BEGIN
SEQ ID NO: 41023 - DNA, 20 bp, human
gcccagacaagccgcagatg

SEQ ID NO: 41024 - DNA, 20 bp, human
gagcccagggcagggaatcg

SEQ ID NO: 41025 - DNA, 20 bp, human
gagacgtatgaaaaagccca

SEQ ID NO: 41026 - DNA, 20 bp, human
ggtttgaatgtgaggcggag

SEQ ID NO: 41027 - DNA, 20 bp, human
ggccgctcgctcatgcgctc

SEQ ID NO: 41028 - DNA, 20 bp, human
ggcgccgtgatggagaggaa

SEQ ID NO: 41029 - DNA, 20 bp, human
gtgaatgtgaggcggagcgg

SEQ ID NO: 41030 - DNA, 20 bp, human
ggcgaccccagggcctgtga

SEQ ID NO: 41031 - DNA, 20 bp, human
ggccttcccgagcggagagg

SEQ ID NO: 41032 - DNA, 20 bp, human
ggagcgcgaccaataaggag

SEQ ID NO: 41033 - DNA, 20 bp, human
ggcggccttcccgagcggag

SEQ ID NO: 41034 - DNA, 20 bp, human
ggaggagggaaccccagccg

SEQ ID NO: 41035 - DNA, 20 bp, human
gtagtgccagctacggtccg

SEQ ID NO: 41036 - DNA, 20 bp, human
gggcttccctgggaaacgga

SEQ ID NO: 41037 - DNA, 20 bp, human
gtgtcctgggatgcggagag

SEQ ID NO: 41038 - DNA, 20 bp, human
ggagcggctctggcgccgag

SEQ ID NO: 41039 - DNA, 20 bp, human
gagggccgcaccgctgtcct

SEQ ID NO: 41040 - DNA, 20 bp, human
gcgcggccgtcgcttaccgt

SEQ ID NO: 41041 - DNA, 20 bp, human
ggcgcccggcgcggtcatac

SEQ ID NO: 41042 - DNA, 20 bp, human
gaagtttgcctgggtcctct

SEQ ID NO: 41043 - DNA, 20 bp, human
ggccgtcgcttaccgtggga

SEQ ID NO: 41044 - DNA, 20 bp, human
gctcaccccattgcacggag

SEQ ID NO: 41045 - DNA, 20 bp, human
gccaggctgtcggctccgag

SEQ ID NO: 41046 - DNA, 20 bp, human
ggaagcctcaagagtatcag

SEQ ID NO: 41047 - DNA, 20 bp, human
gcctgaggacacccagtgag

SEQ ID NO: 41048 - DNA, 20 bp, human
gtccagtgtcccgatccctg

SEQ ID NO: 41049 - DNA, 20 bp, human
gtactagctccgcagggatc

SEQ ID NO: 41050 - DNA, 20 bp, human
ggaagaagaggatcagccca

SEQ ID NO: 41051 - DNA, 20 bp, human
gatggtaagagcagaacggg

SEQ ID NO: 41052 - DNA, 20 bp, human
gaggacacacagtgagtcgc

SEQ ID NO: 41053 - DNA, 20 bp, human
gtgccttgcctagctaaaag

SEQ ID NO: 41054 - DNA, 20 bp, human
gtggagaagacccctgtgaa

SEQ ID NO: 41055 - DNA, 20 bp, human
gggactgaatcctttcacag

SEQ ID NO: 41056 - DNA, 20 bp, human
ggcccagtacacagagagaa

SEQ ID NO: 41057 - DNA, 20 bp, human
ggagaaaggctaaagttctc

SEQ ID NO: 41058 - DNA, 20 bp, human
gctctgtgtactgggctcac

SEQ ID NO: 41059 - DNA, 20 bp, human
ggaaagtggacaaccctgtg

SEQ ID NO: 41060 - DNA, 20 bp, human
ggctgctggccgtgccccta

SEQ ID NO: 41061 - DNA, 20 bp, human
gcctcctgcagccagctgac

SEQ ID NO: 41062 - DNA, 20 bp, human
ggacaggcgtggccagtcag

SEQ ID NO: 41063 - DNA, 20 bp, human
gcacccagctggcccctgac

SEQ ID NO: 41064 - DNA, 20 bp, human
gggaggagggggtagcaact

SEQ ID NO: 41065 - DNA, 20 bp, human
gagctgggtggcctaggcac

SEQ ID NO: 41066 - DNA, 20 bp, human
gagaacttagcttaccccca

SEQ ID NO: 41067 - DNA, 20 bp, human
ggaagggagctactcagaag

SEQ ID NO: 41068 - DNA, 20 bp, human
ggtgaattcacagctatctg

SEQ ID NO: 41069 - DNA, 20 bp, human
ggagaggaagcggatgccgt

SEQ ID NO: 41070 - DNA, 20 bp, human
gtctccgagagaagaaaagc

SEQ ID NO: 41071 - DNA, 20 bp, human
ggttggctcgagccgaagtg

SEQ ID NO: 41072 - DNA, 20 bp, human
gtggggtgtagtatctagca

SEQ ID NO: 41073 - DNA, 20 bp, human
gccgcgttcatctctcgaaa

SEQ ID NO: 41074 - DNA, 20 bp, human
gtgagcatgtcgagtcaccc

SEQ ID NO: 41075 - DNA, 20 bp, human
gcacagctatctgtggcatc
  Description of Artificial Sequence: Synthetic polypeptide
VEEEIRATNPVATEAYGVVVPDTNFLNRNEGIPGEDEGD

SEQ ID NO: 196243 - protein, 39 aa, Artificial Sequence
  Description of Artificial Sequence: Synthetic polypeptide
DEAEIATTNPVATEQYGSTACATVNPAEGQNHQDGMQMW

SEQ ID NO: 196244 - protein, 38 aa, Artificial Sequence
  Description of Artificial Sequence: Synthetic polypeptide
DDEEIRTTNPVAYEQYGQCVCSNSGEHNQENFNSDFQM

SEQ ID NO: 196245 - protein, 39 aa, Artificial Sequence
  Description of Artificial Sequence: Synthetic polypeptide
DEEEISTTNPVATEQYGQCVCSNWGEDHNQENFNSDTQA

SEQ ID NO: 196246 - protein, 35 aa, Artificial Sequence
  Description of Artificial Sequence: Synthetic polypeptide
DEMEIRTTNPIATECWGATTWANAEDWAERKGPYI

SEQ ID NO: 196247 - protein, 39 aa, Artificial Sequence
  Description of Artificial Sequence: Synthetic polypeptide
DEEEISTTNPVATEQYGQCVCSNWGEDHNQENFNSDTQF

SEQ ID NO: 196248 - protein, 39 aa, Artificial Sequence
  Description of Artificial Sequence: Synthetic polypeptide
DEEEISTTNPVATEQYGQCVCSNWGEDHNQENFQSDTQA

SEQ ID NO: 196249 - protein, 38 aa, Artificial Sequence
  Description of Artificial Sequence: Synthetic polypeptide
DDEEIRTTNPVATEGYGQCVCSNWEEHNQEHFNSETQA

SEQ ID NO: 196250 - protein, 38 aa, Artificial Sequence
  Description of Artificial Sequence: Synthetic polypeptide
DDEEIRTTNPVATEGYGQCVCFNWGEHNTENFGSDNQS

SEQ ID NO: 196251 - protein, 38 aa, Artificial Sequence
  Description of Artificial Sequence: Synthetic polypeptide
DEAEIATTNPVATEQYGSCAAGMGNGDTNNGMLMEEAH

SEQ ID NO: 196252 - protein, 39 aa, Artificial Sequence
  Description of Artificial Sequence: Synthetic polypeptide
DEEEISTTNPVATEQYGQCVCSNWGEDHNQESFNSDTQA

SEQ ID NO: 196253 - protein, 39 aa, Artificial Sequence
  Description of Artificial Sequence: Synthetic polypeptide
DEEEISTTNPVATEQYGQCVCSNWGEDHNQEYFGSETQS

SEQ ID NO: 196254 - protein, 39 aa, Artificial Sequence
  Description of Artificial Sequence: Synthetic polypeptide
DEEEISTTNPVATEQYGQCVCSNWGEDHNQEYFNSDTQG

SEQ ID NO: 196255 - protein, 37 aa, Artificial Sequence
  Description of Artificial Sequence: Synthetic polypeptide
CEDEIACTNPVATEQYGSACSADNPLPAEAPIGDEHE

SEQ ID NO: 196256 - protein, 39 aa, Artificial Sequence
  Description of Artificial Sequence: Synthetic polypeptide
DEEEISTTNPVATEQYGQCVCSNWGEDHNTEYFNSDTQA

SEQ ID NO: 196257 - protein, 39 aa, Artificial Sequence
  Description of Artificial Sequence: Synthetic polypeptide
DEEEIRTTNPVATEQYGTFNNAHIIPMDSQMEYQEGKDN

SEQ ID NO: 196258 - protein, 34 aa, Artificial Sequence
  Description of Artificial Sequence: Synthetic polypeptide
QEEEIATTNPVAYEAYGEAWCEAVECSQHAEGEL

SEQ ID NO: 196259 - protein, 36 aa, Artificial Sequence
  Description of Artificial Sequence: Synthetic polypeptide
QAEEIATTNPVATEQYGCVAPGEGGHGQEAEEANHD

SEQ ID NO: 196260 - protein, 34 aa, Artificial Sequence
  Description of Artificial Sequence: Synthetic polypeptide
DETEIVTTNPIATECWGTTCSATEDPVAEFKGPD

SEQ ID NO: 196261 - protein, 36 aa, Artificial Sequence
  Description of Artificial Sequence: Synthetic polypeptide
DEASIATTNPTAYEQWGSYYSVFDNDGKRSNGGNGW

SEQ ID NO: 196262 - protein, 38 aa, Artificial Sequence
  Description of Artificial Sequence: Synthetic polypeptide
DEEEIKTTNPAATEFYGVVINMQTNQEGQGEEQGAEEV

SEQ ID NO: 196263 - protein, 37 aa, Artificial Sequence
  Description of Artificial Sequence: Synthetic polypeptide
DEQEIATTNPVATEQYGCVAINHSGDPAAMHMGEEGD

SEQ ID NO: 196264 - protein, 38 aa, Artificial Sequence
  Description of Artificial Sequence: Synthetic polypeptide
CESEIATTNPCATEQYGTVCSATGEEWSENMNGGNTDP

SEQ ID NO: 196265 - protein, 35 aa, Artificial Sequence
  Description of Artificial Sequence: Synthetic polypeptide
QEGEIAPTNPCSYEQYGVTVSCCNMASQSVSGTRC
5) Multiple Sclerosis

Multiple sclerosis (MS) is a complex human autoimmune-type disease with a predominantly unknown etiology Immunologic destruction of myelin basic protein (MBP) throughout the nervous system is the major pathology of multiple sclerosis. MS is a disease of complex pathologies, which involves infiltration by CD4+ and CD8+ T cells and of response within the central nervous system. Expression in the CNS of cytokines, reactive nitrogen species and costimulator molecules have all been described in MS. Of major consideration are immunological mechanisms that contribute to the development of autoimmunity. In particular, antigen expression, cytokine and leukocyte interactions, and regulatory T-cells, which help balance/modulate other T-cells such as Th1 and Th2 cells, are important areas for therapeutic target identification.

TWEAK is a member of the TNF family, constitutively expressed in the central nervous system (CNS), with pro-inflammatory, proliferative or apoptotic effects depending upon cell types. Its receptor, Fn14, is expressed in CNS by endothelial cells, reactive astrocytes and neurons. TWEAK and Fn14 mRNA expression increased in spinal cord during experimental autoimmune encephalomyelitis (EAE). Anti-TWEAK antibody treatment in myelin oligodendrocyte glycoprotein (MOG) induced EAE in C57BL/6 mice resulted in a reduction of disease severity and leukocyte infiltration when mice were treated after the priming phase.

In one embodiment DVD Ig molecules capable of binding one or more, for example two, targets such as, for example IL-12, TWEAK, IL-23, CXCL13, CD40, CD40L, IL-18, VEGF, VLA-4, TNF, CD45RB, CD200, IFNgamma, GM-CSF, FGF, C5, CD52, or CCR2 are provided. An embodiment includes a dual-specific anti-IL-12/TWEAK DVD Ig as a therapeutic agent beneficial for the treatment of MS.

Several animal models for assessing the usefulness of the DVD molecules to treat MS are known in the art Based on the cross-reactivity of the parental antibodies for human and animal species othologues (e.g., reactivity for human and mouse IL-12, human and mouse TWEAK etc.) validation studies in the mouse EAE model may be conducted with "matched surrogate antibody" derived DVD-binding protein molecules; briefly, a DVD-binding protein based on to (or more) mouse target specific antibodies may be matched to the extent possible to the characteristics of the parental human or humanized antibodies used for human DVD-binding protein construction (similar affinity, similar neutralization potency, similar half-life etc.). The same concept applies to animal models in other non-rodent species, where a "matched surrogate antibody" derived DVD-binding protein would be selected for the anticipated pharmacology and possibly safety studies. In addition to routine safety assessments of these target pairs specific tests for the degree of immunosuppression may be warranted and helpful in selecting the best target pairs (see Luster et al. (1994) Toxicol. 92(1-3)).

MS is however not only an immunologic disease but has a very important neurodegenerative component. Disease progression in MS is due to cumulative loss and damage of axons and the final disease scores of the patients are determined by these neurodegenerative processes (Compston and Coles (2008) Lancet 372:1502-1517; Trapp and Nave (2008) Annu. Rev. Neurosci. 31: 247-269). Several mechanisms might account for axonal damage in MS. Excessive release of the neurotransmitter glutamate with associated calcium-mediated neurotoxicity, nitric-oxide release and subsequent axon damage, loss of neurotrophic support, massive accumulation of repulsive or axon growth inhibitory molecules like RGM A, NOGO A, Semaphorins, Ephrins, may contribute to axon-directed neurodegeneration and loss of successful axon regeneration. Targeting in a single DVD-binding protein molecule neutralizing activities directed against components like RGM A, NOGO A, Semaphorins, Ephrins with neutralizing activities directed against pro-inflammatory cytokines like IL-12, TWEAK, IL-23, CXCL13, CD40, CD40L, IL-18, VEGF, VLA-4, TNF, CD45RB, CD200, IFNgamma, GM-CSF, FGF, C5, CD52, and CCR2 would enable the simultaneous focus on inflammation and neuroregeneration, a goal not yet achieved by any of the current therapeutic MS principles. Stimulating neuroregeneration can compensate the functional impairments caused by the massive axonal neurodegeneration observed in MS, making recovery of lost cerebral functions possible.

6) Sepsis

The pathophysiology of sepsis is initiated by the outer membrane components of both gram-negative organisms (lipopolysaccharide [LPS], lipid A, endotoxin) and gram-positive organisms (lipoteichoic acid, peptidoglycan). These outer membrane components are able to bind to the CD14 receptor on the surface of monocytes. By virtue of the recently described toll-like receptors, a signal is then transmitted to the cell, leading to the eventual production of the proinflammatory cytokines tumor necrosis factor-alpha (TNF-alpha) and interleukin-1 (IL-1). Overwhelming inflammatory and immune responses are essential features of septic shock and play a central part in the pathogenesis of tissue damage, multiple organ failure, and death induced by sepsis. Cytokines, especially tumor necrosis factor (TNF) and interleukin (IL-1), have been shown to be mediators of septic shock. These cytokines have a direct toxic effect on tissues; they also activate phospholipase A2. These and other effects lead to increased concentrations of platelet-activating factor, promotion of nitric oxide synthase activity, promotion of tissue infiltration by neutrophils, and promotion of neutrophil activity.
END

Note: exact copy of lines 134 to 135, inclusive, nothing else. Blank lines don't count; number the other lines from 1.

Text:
  Description of Artificial Sequence: Synthetic polypeptide
DEAEIATTNPVATEQYGSCAAGMGNGDTNNGMLMEEAH